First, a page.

Concrete and Green Building: Reducing Impacts, Avoiding Toxic Chemicals
Concrete and other cementitious materials have both environmental advantages and disadvantages. As builders and designers, should we be looking for alternatives or embracing concrete over competing materials?
A new report from BuildingGreen, What You Need to Know About Concrete and Green Building, takes a look at how these materials are made, presents the key environmental considerations relating to their production, use, and eventual disposal, and describes ways to reduce their environmental impacts.
The report is the first to address the proposed concrete product category rule (PCR) being developed by the Carbon Leadership Forum, and the reactions of stakeholders including the National Ready Mixed Concrete Association (NRMCA), builders, and architects. It describes how the new rule establishes a framework for evaluating concrete's environmental attributes, giving concrete an opportunity to compete against steel and wood in LEED v4 credits that it has lacked in prior versions of LEED.
The report includes the latest information for architects and builders on concrete constituents, applications and specialty products.
- Overview: The green pluses—and minuses—of concrete.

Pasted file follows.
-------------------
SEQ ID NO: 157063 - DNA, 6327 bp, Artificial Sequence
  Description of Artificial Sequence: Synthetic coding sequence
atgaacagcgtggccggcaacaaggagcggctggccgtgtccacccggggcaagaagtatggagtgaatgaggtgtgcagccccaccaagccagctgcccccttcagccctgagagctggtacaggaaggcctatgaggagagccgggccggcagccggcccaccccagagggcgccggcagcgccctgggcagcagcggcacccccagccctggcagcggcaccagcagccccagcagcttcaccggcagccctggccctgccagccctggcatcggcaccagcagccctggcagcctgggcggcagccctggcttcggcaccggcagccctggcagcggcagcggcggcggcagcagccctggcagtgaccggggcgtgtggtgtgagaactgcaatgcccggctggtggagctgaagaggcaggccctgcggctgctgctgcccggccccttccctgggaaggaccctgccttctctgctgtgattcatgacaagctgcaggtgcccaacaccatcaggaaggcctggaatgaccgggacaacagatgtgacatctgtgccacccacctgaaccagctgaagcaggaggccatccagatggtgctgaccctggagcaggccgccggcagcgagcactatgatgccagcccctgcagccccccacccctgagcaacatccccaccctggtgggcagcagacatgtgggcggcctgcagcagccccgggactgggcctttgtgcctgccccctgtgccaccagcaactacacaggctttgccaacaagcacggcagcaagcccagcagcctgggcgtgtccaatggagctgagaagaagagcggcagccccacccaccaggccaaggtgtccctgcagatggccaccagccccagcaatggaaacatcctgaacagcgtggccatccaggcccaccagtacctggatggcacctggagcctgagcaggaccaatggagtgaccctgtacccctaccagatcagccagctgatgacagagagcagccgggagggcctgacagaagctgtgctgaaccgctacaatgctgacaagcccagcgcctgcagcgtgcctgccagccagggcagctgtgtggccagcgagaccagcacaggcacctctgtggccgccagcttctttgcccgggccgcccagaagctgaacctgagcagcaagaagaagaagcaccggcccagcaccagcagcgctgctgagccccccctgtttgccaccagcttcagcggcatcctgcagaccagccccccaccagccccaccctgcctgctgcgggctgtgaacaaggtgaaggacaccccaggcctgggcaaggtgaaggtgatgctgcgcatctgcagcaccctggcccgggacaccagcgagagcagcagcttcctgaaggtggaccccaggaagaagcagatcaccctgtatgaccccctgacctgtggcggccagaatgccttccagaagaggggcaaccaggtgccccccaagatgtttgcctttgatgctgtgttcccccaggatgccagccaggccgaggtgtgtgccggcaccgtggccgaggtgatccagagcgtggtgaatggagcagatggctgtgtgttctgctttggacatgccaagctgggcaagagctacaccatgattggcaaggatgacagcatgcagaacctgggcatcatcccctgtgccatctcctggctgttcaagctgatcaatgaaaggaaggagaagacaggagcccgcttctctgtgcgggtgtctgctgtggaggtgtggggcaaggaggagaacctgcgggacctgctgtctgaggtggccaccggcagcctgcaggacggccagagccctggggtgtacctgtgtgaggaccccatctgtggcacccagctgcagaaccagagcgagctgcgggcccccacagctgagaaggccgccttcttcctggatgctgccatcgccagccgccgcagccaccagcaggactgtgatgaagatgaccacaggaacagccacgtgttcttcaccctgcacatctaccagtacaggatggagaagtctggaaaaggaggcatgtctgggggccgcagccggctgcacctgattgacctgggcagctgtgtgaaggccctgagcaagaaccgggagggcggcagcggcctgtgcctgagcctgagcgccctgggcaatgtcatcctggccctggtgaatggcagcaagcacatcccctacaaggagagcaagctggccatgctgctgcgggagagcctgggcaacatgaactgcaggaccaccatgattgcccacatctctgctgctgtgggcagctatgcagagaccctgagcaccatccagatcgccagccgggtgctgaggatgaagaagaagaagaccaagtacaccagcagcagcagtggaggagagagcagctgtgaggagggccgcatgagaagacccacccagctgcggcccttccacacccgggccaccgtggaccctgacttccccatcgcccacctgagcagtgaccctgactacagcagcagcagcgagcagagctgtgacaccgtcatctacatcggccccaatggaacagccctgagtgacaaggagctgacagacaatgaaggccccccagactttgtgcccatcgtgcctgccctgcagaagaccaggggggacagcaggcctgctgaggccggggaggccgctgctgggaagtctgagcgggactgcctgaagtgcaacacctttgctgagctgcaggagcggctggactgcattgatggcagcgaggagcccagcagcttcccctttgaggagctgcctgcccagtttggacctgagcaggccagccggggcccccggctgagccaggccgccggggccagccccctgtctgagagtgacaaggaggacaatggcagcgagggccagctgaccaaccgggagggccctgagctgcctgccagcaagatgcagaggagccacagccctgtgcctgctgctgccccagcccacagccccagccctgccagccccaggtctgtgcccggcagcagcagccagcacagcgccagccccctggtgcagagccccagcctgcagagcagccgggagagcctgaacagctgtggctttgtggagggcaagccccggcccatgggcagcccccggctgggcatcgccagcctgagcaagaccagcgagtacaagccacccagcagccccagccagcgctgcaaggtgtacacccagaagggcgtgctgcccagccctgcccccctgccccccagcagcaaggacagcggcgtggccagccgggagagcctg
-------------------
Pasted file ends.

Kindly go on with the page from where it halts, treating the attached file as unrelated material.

- Environmental Considerations: How to weigh concrete's ecological drawbacks and advantages.
- Thermal Performance: Thermal mass... or thermal bridge?
- Reducing Environmental Impacts: Ways to minimize concrete's environmental and toxicological footprint, enhancing its green attributes.
- Using Fly Ash in Concrete: Are toxicity concerns a show-stopper?
- Autoclaved Aerated Concrete: Widely-used in Europe, is it right for your project?
- Polished Concrete Outshines Other Flooring Options: A functional, cost-effective, environmentally responsible innovation.
What You Need to Know About Concrete and Green Building, available for $49, is free to BuildingGreen members. Those who aren’t yet members can get the report for free when they sign up for a free 30-day trial of BuildingGreen Suite.
Earn continuing education credits
BuildingGreen members can receive continuing education credit for reading this report. The American Institute of Architects (AIA) has approved this course for 3 HSW/SD Learning Units. The Green Building Certification Institute (GBCI) has approved this course for 3 GBCI CE hours towards the LEED Credential Maintenance Program.
Upon completing this course, participants will be able to:
- Recognize concrete's environmental footprint and how to reduce the quantity of concrete used in buildings.
- List the advantages and disadvantages of at least three alternative types of concrete.
- Explain the fly ash conundrum.
- Summarize the benefits of polished concrete floors and multiple aspects of concrete structural components.
To earn continuing education credit, read this report and pass this quiz.
Posted by Tristan Roberts on October 18, 2012
— Share This Posting!
I am a little (a lot) late to this conversation, but I think the only wood-burning appliances should be direct vent masonry ovens which burn at...
Am hearing about this new technology and seeing positive reviews online but have also being told that they're not appropriate for larger, older...